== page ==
Friday, April 24, 2009
Capturing rain may be one of humanity's most ancient methods of acquiring water, but now it's coming back in vogue. Rather than press their luck with drought, conservation-conscious homeowners are setting up rudimentary rain barrels and elaborate rainwater storage systems to catch precipitation for nondrinking purposes, such as watering their lawns.
But while rainwater may seem like a global common, nowadays it depends on where you live: By capturing rainwater, some homeowners are breaking the law. This has put city and state governments in an awkward position—smack in the middle of competing water users and advocates, often from within their own agencies, of conserving water to protect supplies.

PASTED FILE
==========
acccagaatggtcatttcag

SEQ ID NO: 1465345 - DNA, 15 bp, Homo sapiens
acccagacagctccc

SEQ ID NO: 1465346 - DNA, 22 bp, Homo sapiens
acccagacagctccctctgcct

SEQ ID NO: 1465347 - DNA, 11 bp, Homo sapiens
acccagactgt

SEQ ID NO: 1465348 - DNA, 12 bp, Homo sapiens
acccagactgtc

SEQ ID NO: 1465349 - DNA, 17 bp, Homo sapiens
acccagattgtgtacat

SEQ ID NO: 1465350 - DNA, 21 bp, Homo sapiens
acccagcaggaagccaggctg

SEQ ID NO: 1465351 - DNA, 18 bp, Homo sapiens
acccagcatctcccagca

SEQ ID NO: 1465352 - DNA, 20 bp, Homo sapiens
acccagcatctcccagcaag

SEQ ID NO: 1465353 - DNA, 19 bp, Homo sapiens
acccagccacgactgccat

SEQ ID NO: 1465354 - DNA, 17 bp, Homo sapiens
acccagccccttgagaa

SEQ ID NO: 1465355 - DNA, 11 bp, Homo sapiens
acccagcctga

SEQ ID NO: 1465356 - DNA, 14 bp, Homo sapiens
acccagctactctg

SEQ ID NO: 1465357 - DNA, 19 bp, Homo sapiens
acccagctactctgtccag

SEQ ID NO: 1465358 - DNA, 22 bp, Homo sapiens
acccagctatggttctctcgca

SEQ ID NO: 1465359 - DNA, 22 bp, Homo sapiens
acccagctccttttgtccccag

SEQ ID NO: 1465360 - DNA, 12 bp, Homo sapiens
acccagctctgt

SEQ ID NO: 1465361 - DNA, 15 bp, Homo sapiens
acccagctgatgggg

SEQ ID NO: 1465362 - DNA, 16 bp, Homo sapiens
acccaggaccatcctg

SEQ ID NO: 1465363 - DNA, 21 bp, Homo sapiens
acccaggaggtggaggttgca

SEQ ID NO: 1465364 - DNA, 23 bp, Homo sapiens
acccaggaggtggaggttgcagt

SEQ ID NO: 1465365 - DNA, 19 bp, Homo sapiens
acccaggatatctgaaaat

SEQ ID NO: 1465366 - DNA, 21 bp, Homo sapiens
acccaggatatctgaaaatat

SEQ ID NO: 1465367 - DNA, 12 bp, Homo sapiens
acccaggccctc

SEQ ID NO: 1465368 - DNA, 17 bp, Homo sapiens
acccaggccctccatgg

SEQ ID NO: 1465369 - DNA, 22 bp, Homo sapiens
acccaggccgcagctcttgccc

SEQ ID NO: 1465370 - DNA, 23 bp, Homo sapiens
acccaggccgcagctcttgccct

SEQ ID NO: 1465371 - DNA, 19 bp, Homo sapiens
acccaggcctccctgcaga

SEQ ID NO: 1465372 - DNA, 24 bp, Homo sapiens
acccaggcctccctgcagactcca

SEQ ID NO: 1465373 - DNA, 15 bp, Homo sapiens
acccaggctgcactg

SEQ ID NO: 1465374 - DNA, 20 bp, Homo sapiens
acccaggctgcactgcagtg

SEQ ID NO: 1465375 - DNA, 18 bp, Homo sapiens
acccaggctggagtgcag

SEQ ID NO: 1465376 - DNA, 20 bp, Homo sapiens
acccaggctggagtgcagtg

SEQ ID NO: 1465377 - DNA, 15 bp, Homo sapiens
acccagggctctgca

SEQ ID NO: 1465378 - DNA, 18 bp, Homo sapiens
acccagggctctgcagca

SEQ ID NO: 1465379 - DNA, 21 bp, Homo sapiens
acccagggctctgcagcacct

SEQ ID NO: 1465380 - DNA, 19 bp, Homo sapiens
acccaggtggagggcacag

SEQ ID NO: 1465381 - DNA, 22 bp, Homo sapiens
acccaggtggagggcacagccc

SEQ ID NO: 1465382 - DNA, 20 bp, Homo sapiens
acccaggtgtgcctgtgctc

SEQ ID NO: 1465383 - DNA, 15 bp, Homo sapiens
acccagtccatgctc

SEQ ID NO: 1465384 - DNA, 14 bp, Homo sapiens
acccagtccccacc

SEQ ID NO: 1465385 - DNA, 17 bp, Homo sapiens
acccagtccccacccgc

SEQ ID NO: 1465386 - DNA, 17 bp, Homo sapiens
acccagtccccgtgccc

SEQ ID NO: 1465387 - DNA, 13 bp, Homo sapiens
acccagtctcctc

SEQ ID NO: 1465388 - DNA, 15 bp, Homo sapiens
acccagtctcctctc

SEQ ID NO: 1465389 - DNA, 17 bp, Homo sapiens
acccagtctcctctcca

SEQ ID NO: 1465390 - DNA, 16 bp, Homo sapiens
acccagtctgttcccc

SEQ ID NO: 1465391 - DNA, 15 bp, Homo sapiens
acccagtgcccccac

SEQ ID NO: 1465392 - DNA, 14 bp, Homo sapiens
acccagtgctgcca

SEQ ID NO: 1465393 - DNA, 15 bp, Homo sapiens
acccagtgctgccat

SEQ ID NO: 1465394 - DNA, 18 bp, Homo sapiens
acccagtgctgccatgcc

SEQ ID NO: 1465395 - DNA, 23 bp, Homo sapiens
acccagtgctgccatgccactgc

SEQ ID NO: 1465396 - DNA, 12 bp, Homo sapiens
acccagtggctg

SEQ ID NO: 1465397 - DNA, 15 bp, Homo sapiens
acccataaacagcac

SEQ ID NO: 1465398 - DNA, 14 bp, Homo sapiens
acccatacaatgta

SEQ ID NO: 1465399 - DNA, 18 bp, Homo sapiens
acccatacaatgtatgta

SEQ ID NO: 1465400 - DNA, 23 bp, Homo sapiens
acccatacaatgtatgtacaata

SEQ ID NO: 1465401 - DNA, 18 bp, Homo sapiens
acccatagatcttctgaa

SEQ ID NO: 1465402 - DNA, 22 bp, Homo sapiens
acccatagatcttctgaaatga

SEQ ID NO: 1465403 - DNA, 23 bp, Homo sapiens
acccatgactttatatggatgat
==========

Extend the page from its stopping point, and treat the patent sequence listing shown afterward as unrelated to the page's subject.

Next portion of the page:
Read the whole thing.
What people think of as "flying dinosaurs" but are technically giant reptiles didn't launch into the air like birds. They leapt into the air off all four legs, said Mike Habib, of the university's Center for Functional Anatomy and Evolution. Only vampire bats do something like that.
The flying creatures are called pterosaurs (the "p" is silent). They were a group of flying reptiles that could weigh more than 500 pounds and have bus-sized wingspans. Last year, researchers tried to figure out how they got off the ground by looking at the largest bird now flying, the albatross. They concluded that anything much bigger couldn't get off the ground the same way.
But Habib said pterosaurs shouldn't be compared to birds.More here.